That’s going to get worse. Already another “Linux,” Chrome OS, is coming out of the gate strong, with OEMs tripping all over each other trying to get their implementation on store shelves.

When I think of Linux, I don’t think of Android or Chromebooks. Certainly I understand that these make use of the Linux kernel–which is a positive because it means they should be stable and that they’ll have to conform to the GPL. But they’re lacking the GNU DNA. Debian, RHEL, PCLOS, Slackware, Ubuntu – these are all full brothers and sisters. Android, Chrome OS and the like are only half siblings. Linux may be their mother, but they have a different daddy.

If I was going to purchase a smartphone right now, this minute, or a tablet, I’d choose something running Android–mostly because of the Linux kernel and the GPL. But wait until the Ubuntu phone comes out–then it’ll be a whole ‘nother ballgame. What I really want is GNU/Linux on my phone, on my tablet and on every single computing device I own–even on the damned Windows machine running crapware insisted upon by the bank.

There is one good thing about having to occasionally run Windows, however. It makes me appreciate how great I have it with Linux…er, GNU/Linux.


  1. Gustav Gustav May 22, 2013

    Well said, learned a few things and i do agree 🙂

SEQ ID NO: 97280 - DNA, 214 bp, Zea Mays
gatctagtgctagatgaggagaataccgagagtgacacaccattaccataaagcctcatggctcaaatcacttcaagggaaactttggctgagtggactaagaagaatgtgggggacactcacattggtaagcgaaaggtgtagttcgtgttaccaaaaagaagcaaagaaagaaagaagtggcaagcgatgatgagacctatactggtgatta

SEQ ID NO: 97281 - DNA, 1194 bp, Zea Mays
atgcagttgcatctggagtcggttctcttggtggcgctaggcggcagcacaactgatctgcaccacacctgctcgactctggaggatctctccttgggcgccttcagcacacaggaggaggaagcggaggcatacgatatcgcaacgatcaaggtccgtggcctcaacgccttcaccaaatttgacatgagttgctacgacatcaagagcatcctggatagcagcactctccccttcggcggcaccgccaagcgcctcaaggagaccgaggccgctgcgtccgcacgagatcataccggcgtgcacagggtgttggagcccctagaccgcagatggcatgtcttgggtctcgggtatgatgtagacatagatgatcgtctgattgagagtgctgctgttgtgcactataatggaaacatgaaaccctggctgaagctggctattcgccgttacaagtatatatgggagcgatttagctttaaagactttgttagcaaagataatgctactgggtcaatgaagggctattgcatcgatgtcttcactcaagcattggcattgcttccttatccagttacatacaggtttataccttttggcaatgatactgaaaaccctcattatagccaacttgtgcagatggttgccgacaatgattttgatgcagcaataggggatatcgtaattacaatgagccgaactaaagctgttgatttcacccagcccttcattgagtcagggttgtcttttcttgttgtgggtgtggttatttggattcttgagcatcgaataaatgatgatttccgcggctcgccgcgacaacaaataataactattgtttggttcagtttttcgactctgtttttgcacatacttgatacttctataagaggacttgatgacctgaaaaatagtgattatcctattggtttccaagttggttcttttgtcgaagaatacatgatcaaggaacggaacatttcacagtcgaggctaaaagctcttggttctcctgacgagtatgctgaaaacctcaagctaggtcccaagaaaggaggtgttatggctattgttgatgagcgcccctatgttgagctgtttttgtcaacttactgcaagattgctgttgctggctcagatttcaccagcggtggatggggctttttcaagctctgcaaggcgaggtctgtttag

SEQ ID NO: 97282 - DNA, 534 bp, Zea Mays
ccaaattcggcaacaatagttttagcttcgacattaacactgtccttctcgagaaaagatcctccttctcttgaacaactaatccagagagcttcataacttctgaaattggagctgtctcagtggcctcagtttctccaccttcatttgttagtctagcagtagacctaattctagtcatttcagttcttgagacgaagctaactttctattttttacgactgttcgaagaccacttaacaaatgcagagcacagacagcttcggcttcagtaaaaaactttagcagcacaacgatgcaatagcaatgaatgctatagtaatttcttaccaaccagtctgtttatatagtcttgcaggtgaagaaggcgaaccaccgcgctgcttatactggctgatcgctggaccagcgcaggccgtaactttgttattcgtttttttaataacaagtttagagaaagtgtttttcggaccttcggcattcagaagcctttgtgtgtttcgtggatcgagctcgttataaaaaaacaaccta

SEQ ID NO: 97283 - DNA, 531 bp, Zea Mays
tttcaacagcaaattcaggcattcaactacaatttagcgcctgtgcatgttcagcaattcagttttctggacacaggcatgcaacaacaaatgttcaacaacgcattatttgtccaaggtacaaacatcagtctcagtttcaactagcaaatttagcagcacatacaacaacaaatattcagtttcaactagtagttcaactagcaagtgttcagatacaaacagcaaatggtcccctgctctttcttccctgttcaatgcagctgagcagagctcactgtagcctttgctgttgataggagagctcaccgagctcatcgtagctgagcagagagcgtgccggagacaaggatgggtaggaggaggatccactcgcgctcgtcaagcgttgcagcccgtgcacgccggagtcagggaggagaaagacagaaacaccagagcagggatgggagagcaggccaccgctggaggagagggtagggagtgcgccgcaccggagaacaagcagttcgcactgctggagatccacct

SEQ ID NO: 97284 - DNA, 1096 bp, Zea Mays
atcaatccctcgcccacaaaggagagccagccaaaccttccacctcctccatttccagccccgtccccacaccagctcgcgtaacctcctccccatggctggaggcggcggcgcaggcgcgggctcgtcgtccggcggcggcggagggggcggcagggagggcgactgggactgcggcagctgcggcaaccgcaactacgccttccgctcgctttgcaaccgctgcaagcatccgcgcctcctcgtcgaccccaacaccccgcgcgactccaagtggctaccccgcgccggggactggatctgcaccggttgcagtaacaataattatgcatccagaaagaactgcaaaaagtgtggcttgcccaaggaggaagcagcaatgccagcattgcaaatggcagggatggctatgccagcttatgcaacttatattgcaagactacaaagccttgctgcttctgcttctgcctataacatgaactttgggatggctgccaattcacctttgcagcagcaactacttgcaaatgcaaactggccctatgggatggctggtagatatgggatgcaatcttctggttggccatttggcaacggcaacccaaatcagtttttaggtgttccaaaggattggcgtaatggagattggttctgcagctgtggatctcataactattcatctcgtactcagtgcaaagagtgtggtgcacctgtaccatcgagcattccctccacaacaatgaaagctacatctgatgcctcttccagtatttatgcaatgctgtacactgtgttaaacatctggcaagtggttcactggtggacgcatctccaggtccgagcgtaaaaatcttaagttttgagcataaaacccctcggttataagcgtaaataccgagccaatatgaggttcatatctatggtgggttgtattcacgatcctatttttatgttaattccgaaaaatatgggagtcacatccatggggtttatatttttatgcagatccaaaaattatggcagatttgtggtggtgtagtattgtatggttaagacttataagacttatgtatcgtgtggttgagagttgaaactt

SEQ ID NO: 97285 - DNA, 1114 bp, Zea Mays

2. B.Ross Ashley B.Ross Ashley May 23, 2013

    None of my banks – not the Bank of Montreal, not the TD Canada Trust, not – bless them – Alterna Savings, my credit union – care even one little bit which OS I am running Firefox on.

  3. Paolo Paolo May 24, 2013

    I’m agree with you, for people who knows the history it’s not important to say “GNU/Linux” or just “Linux”. Me too said only “Linux”. We know that GNU is a big part of Linux. But the others? Who don’t sees the sun and lives behind a “window”?
    Someone have to say them the truth and tell all the history.

  4. Christine Hall Christine Hall Post author | May 24, 2013

    @Paolo You said that very well. I especially like he image evoked with your words, “Who don’t see the sun and live behind a ‘window’?” Thanks for your contribution. 😀

  5. Alan Milnes Alan Milnes May 30, 2013

    RMS is awesome and we do need someone like him but come on, the vast majority of the planet doesn’t know Android is Linux based so there is absolutely no danger of confusion.

    There are a ton of tools on my Linux desktop that have nothing to do with GNU so if I wanted to go down that route I would have to call it my GNU/LibreOffice/Lotus/Mozilla Linux system, sorry no I’ll stick to Linux

  6. Christine Hall Christine Hall Post author | May 30, 2013

    Fair enough, Alan. However, I’ll remind you that LibreOffice, Lotus and Mozilla are all programs, not part of the operating system. While GNU does contain a lot of programs and applications, it also contains a lot of aspects that look an awful lot like part of the OS. Take Bash for instance… 😀

  7. Alan Milnes Alan Milnes May 31, 2013

    Ah well that begs the question doesn’t it – where do you draw the line between what is part of the OS and what is an application 😉

    (I have to admit Bash is a good one to cite!)